Introduction: Turner Syndrome (TS) is the consequence of complete or partial absence of one X chromosome in a phenotypic female. The genes involved in Turner phenotype are X-linked genes that escape inactivation. A major locus involved in the control of linear growth has been mapped within the Pseudo-Autosomal Region (PAR1) of the X chromosome.
Aim: To study some endocrine hormones with considerable effect on the presentation and prognosis of TS and their relation to the genotype of TS.
Methods: Thirty girls with Turner Syndrome attending Endocrine Clinic of Alexandria University Childrens Hospital were subjected to detailed history, clinical examination, karyotyping, and hormonal investigation including luteinizing hormone (LH), follicle stimulating hormone (FSH), estrogen (E2), anti- mullerian hormone (AMH), insulin-like growth factor1 (IGF-1), growth hormone (GH) and thyroid function tests. Bone age & pelvic ultrasound were done.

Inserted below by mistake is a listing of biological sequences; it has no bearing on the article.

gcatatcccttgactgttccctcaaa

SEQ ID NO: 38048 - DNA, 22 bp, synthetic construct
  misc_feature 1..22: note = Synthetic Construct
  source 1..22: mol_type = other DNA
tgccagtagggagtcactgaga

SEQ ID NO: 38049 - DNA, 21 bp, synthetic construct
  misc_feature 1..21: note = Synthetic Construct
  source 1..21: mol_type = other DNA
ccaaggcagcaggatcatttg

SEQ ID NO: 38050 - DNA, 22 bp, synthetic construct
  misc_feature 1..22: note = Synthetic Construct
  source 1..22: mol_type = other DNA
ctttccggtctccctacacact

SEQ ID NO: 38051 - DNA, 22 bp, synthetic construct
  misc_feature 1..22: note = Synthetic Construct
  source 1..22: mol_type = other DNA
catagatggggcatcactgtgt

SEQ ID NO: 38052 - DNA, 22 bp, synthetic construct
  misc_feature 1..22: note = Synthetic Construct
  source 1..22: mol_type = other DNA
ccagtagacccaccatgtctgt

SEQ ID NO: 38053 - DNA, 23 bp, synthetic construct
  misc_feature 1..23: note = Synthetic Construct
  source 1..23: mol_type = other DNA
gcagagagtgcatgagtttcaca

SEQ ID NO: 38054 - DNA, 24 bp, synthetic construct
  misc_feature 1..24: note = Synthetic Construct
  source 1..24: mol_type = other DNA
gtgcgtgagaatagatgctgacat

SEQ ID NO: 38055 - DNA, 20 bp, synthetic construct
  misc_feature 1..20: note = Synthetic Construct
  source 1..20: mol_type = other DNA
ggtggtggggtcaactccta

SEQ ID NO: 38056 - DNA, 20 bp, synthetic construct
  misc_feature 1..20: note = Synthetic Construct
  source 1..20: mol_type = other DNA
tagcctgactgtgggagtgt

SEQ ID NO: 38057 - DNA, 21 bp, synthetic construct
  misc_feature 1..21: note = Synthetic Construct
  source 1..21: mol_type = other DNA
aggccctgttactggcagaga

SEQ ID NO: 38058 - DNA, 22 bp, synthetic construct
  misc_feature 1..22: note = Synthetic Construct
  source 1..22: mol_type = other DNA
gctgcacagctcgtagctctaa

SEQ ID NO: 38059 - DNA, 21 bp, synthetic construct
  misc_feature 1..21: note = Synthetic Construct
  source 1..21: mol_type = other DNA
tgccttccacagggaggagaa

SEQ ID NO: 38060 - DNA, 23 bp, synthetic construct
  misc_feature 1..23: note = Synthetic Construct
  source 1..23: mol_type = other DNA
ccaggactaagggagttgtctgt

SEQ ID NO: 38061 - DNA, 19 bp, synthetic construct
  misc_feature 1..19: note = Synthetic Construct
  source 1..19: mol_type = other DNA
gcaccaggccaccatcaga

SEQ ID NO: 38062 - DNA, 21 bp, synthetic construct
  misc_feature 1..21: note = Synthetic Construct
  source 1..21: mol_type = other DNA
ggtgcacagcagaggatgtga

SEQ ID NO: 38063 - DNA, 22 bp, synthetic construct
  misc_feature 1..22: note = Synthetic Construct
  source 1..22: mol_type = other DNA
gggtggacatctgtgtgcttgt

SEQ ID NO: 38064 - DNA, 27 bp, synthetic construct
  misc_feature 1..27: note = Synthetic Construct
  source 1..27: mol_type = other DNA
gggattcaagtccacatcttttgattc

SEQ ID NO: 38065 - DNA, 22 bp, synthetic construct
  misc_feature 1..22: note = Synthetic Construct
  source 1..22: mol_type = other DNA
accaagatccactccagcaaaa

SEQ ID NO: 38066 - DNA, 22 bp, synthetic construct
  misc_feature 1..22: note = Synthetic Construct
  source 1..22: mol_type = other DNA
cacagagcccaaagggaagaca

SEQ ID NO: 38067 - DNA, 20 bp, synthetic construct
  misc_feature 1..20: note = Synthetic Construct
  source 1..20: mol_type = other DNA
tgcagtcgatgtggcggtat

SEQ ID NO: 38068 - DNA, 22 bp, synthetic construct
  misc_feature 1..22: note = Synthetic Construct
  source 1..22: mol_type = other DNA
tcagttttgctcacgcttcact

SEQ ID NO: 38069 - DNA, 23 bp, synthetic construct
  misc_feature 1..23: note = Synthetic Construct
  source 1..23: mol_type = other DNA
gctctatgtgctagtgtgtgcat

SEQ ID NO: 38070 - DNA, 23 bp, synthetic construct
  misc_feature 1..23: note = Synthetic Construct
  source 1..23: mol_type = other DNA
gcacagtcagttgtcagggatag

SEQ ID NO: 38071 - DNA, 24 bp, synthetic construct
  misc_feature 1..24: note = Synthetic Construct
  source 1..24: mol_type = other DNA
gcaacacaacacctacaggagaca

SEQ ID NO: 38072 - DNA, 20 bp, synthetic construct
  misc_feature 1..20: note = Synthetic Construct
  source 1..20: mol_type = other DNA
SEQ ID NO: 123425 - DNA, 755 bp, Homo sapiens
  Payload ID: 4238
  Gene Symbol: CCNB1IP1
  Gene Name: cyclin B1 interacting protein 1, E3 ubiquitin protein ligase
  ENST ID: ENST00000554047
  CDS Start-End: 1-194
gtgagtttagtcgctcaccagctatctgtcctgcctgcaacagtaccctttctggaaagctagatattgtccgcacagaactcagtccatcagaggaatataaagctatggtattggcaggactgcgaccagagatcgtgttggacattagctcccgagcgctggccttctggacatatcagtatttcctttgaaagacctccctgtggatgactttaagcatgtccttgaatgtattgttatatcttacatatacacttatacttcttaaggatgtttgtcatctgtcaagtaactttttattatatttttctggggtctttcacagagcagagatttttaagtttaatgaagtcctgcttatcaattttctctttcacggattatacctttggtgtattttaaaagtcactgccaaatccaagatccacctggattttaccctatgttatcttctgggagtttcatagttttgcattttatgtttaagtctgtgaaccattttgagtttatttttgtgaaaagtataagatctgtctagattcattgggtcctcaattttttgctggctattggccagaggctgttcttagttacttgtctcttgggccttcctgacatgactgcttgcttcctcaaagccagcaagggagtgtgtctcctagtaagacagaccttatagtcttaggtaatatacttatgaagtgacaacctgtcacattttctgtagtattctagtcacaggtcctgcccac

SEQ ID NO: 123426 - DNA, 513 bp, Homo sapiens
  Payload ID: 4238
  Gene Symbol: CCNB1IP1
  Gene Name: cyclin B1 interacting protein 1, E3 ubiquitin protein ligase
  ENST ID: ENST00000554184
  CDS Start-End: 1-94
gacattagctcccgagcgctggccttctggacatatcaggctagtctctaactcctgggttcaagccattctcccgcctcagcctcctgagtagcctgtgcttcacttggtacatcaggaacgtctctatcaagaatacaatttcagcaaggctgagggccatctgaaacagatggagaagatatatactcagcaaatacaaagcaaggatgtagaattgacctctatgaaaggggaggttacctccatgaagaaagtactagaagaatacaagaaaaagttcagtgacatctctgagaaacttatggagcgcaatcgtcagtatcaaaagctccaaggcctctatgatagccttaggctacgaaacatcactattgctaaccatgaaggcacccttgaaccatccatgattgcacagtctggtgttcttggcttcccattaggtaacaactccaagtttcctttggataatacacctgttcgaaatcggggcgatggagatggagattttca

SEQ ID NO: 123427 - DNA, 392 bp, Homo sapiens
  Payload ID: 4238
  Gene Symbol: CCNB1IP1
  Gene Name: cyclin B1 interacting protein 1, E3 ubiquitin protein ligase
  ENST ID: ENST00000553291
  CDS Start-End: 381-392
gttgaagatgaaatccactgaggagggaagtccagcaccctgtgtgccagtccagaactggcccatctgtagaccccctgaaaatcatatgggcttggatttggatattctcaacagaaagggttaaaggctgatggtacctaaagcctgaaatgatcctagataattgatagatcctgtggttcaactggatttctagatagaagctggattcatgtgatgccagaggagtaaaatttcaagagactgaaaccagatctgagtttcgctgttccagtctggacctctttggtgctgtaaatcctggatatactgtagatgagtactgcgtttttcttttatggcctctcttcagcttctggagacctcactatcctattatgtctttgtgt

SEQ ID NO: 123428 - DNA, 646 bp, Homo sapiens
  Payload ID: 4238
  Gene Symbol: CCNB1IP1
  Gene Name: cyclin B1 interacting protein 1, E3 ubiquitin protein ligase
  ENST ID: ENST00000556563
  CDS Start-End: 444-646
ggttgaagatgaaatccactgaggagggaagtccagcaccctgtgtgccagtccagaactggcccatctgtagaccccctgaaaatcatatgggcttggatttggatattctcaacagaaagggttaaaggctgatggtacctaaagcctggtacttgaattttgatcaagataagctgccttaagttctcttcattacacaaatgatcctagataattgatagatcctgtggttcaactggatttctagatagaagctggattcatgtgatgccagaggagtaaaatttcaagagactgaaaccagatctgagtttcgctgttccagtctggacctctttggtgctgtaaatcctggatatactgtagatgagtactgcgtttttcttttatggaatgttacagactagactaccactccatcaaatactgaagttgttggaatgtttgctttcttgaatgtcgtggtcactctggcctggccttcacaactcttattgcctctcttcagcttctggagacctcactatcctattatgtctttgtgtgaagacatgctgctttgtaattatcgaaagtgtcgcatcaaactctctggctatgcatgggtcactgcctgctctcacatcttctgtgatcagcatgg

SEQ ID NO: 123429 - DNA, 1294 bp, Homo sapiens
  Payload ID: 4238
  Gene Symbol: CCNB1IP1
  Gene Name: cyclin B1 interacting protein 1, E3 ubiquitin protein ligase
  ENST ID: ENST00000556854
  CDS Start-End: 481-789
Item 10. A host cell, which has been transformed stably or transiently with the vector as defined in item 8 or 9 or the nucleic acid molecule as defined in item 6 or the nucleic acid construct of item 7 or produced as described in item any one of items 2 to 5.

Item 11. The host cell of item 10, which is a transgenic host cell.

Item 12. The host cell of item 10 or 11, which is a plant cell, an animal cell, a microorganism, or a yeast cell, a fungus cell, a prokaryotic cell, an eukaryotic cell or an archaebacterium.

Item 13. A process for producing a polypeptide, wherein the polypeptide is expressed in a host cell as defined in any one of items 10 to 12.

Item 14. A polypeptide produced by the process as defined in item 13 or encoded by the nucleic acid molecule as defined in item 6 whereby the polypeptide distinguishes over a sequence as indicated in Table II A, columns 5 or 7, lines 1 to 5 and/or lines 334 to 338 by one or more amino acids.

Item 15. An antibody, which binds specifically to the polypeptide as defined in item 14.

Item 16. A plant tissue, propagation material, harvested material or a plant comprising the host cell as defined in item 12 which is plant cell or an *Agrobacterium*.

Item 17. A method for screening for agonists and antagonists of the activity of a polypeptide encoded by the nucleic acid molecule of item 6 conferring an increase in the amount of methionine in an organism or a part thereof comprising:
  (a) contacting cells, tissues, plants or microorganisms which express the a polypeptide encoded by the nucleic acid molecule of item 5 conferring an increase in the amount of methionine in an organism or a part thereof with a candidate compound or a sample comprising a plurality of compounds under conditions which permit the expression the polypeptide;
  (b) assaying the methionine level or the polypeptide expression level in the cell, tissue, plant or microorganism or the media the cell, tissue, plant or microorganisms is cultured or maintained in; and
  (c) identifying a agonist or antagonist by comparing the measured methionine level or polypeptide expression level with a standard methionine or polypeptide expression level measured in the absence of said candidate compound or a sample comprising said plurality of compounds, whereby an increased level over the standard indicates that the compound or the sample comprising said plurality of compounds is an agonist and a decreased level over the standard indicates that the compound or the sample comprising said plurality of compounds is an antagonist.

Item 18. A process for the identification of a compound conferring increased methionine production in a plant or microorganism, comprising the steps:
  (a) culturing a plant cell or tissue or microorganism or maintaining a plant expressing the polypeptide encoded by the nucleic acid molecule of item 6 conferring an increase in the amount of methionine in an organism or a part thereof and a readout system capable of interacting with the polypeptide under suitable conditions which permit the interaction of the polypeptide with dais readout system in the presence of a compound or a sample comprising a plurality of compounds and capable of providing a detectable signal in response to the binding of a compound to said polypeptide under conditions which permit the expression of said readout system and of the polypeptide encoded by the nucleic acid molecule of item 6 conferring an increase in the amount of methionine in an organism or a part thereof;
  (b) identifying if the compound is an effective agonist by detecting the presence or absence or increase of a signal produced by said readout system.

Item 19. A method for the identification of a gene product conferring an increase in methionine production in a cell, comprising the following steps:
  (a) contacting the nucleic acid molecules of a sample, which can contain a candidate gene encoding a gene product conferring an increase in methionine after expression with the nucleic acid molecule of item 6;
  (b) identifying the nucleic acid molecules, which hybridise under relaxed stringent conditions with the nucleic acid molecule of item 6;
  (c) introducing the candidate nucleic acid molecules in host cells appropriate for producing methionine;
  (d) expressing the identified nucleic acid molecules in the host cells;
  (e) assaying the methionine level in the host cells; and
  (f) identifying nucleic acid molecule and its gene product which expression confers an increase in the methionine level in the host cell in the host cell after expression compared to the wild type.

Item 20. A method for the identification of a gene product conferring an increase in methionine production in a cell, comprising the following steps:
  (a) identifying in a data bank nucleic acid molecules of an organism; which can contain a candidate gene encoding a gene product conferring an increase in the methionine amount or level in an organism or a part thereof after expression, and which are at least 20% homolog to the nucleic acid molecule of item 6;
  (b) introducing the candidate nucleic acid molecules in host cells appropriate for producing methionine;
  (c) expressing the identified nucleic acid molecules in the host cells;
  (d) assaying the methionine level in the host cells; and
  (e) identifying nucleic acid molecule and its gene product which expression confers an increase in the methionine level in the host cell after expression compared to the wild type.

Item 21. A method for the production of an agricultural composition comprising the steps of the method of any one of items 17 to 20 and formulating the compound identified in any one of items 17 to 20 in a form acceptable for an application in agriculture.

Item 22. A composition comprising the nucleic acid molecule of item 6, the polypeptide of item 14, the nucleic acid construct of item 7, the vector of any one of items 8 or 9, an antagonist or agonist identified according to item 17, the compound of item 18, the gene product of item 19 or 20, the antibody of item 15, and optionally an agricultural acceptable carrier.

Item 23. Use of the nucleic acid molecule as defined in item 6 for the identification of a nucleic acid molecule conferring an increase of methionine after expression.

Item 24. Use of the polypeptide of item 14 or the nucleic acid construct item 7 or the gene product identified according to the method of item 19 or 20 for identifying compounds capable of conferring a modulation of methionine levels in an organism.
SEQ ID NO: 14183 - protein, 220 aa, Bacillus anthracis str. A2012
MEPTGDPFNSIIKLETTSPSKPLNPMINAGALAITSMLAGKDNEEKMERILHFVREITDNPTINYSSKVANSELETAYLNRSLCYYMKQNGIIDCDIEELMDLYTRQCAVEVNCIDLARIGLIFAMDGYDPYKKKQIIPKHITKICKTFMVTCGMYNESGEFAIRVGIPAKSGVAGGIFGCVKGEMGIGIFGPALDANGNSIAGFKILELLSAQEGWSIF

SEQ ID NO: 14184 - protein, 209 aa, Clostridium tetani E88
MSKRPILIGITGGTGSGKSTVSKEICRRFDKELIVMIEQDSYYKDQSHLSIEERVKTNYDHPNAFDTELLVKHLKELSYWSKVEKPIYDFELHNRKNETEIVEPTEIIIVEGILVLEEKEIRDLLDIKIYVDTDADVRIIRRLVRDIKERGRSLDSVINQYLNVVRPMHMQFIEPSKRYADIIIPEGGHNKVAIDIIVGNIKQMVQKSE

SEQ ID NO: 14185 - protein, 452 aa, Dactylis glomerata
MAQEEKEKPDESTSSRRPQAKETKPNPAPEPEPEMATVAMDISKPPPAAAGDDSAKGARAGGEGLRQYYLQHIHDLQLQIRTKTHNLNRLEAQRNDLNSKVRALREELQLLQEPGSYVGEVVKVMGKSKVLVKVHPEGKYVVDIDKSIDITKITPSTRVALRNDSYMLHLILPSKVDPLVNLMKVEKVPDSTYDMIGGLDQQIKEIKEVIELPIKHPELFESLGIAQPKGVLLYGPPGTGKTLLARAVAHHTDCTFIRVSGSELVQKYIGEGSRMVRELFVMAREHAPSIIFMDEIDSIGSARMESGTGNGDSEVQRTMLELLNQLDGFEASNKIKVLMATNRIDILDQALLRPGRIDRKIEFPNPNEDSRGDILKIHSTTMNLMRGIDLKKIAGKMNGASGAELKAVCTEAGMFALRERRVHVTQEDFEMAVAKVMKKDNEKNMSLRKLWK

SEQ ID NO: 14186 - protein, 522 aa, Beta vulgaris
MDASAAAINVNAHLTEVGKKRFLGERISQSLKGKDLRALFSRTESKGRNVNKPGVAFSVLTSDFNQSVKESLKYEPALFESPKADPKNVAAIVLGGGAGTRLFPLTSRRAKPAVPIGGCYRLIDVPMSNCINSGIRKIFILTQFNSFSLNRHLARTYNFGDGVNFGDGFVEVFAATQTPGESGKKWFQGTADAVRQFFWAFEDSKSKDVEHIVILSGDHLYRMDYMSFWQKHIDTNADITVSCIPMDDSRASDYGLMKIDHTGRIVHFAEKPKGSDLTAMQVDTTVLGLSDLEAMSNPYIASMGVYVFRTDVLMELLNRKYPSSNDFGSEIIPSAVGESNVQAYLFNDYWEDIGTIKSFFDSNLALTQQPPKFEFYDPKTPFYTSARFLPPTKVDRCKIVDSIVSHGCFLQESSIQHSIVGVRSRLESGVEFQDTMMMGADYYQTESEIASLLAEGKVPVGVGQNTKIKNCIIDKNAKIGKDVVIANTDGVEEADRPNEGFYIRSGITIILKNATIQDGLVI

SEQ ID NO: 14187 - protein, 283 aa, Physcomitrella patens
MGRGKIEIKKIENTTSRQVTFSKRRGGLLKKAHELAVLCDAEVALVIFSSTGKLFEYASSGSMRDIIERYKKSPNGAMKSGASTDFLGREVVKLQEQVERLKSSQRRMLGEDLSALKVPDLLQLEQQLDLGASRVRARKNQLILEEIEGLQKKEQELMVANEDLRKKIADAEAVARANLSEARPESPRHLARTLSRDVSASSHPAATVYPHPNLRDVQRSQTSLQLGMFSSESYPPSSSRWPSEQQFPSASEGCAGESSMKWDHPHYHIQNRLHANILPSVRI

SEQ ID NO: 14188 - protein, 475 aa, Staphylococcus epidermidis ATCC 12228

Results: Age ranged from 3 to 18 years with a mean of 10.98±4.85 years. Monosomy (45, XO) was the predominant genotype (40.0%) followed by mosaic genotype (36.7%), while isochromosome (46, Xi Xq) was the least (23.3%). Most cases (76.7%) presented with short stature which was significantly more common among mosaic genotype. (P=0.048). Monosomy (45, XO) was the predominant genotype (40.0%). Ultrasound of the ovaries revealed abnormalities in 70% of cases as streak gonads in and infantile ovary, while of the uterus showed hypoplastic form in 56.7% of cases. LH, FSH, AMH were high in 11 cases (73.3%). FT4 and TSH levels were normal in all studied patients while Anti TPO (Thyriod peroxidase antibodies) was high in 8 cases (26.7%). No statistically significant differences were found between genotypes regarding hormonal assessment.
Conclusion: The most common genotypes of Turner Syndrome in the current study are monosomy 45 XO and the mosaicism. Majority of the cases have streak gonads or infantile ovaries with high levels of gonadotropins, AMH and Anti TPO. Their thyroid functions were normal.
27 - 29 Sep 2018
European Society for Paediatric Endocrinology